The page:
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Research paper
Altered cerebral blood flow in the anterior cingulate cortex is associated with neuropathic pain
  1. Keisuke Watanabe1,
  2. Shigeki Hirano1,
  3. Kazuho Kojima1,
  4. Kengo Nagashima2,
  5. Hiroki Mukai3,
  6. Takatoshi Sato2,
  7. Minoru Takemoto4,
  8. Koji Matsumoto5,
  9. Takashi Iimori5,
  10. Sagiri Isose1,
  11. Shigeki Omori1,
  12. Kazumoto Shibuya1,
  13. Yukari Sekiguchi1,
  14. Minako Beppu1,
  15. Hiroshi Amino1,
  16. Tomoki Suichi1,
  17. Koutaro Yokote4,
  18. Takashi Uno3,
  19. Satoshi Kuwabara1,
  20. Sonoko Misawa1
  1. 1Department of Neurology, Graduate School of Medicine, Chiba University, Chiba, Japan
  2. 2Clinical Research Center, Chiba University Hospital, Chiba, Japan
  3. 3Diagnostic Radiology and Radiation Oncology, Graduate School of Medicine, Chiba University, Chiba, Japan
  4. 4Division of Diabetes, Metabolism and Endocrinology, Chiba University Hospital, Chiba, Japan
  5. 5Department of Radiology, Chiba University Hospital, Chiba, Japan
  1. Correspondence to Dr Satoshi Kuwabara, Department of Neurology, Graduate School of Medicine, Chiba University, Chiba 260-8670, Japan; kuwabara-s{at}faculty.chiba-u.jp

Abstract

Objective To assess the cerebral blood flow (CBF) in patients with diabetic neuropathic pain, and its changes after duloxetine therapy.

Methods Using iodine-123-N-isopropyl-p-iodoamphetamine single-photon emission computed tomography (IMP-SPECT), we performed a cross-sectional study of 44 patients with diabetes, and compared CBF in those with (n = 24) and without neuropathic pain (n = 20). In patients with neuropathic pain, we also longitudinally assessed changes in CBF 3 months after treatment with duloxetine.

Results IMP-SPECT with voxel-based analyses showed a significant increase in cerebral blood flow in the right anterior cingulate cortex and a decrease in the left ventral striatum in patients with neuropathic pain, compared with those without pain. After duloxetine treatment, volume of interest analyses revealed a decrease in cerebral blood flow in the anterior cingulate cortex in patients with significant pain relief but not in non-responders. Furthermore, voxel-based whole brain correlation analyses demonstrated that greater baseline CBF in the anterior cingulate cortex was associated with better pain relief on the numerical rating scale.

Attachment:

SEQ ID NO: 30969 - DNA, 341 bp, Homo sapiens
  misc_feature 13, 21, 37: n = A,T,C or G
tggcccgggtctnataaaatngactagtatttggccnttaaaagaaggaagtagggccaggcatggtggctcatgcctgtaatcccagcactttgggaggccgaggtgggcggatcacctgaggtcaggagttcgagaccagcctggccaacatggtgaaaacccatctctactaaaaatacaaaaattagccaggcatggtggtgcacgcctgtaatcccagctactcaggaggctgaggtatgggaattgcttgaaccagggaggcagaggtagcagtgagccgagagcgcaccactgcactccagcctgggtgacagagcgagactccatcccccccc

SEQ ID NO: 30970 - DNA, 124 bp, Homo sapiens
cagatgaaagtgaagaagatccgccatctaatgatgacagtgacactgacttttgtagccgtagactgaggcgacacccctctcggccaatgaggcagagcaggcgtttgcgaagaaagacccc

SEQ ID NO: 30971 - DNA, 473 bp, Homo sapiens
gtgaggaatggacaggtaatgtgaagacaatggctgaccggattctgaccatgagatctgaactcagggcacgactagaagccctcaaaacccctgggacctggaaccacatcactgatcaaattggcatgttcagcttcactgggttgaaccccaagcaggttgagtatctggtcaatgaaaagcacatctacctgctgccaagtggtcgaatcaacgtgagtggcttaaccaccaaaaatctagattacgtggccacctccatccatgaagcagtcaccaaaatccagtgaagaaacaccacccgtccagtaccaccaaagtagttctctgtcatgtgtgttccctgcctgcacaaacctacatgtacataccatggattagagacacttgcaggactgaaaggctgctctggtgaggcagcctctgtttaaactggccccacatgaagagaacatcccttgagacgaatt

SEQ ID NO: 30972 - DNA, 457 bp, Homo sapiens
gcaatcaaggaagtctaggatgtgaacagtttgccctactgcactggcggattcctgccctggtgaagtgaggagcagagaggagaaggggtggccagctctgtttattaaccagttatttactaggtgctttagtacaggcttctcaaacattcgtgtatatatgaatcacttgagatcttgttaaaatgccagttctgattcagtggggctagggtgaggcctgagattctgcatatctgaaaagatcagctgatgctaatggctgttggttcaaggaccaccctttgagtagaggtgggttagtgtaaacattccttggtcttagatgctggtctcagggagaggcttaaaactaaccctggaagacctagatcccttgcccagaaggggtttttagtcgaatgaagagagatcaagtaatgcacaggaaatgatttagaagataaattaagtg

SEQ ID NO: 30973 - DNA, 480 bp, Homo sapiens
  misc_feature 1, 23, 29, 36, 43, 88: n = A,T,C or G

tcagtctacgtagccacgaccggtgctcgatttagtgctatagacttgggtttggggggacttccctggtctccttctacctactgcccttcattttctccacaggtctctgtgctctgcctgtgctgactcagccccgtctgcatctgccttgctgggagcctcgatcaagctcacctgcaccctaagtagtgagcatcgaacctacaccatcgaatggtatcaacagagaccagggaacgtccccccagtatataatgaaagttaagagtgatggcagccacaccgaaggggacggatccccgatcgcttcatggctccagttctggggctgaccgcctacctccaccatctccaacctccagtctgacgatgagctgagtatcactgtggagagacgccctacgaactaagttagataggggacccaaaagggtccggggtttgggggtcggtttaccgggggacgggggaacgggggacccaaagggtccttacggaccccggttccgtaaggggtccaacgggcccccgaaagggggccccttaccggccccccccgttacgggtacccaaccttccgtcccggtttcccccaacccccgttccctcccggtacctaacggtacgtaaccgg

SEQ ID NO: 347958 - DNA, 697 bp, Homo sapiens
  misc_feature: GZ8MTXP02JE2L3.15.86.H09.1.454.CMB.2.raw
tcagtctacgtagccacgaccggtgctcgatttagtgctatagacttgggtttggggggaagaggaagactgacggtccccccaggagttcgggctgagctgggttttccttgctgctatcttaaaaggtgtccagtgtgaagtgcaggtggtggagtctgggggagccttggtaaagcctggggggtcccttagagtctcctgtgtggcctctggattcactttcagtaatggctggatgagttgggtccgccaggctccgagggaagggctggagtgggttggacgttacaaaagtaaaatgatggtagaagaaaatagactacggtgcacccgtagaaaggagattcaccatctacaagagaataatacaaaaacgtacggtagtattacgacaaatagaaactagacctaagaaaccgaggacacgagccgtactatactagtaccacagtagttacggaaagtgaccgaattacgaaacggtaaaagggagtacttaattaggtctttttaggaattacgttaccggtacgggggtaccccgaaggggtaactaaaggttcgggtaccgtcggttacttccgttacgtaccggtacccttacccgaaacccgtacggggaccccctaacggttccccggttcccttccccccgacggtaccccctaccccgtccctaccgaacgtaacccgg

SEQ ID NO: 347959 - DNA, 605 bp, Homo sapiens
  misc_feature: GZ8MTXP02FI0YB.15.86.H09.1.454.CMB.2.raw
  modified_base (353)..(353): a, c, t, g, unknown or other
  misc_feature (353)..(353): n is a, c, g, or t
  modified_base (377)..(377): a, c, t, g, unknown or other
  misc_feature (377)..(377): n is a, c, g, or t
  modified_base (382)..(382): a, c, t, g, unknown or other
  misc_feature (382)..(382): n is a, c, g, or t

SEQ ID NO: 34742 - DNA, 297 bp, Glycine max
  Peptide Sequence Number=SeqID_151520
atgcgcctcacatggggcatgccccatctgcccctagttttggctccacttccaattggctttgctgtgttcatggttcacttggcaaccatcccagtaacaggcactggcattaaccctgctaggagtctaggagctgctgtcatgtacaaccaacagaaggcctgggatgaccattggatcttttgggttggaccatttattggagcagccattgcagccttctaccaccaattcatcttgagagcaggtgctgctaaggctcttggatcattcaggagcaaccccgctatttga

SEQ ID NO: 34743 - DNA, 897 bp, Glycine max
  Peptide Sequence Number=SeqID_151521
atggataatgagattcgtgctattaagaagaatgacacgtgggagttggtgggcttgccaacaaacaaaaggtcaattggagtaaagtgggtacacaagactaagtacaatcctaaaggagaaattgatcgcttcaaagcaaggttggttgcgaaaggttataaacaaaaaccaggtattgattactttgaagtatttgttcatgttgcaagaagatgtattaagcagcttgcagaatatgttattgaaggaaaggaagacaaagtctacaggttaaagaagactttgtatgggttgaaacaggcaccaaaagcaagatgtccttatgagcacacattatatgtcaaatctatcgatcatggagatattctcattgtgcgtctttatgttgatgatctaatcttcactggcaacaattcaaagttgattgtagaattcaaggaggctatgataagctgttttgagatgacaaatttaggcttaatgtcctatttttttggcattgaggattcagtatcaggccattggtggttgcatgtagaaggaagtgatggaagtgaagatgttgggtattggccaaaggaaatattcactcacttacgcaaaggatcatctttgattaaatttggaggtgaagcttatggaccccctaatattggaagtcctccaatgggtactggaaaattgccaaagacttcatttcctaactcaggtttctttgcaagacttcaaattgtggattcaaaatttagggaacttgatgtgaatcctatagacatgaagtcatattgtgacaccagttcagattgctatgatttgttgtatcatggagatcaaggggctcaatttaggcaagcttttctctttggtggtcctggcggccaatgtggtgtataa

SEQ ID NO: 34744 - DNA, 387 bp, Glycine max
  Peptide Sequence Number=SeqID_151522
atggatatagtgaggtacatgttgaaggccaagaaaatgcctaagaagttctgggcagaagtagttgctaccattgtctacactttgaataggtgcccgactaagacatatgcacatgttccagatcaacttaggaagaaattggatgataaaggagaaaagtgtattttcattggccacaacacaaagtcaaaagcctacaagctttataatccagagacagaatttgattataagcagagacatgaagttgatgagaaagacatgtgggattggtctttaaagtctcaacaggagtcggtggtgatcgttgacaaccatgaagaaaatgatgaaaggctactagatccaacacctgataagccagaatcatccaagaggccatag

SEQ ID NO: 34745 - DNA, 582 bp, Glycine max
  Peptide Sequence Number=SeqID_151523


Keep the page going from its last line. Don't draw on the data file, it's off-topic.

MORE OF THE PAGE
Conclusions Our results suggest that the development of neuropathic pain is associated with increased activity in the anterior cingulate cortex, and greater baseline activation of this region may predict treatment responsiveness to pharmacological intervention.

Trial registration number UMIN000017130;Results.

  • cerebral blood flow
  • diabetic neuropathy

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Footnotes

  • Contributors KW and SM designed the study. SI, SO, KS, YS, MB, HA, TaS, ToS, KY and MT collected clinical and electrophysiological data. KM and TI collected IMP-SPECT and MRI data. KK and HM analysed MRI images. SH analysed and interpreted the data. KN supervised statistical analyses. KW and SH drafted the manuscript. SM, TS, TU supervised this study.

  • Funding This study is funded by Shionogi & Co., Ltd and by a Research Grant from the Ministry of Education, Culture, Sports, Science, and Technology of Japan (SM, Kakenhi- 25461308: SK, Kakenhi- 26461305). The sponsors played no role in the design and management of the study, collection and analysis of data, interpretation of the results or the writing of the writing of the report.

  • Competing interests SM received lecture and consultation fee from Shionogi & Co., Ltd and Pfizer Inc. SK serves as a Deputy Editor of “Journal of Neurology, Neurosurgery, and Psychiatry” and Editorial Board member of the “Journal of the Neurological Sciences”.

  • Patient consent Obtained.

  • Ethics approval The Institutional Review Board and Ethical Committee.

  • Provenance and peer review Not commissioned; externally peer reviewed.

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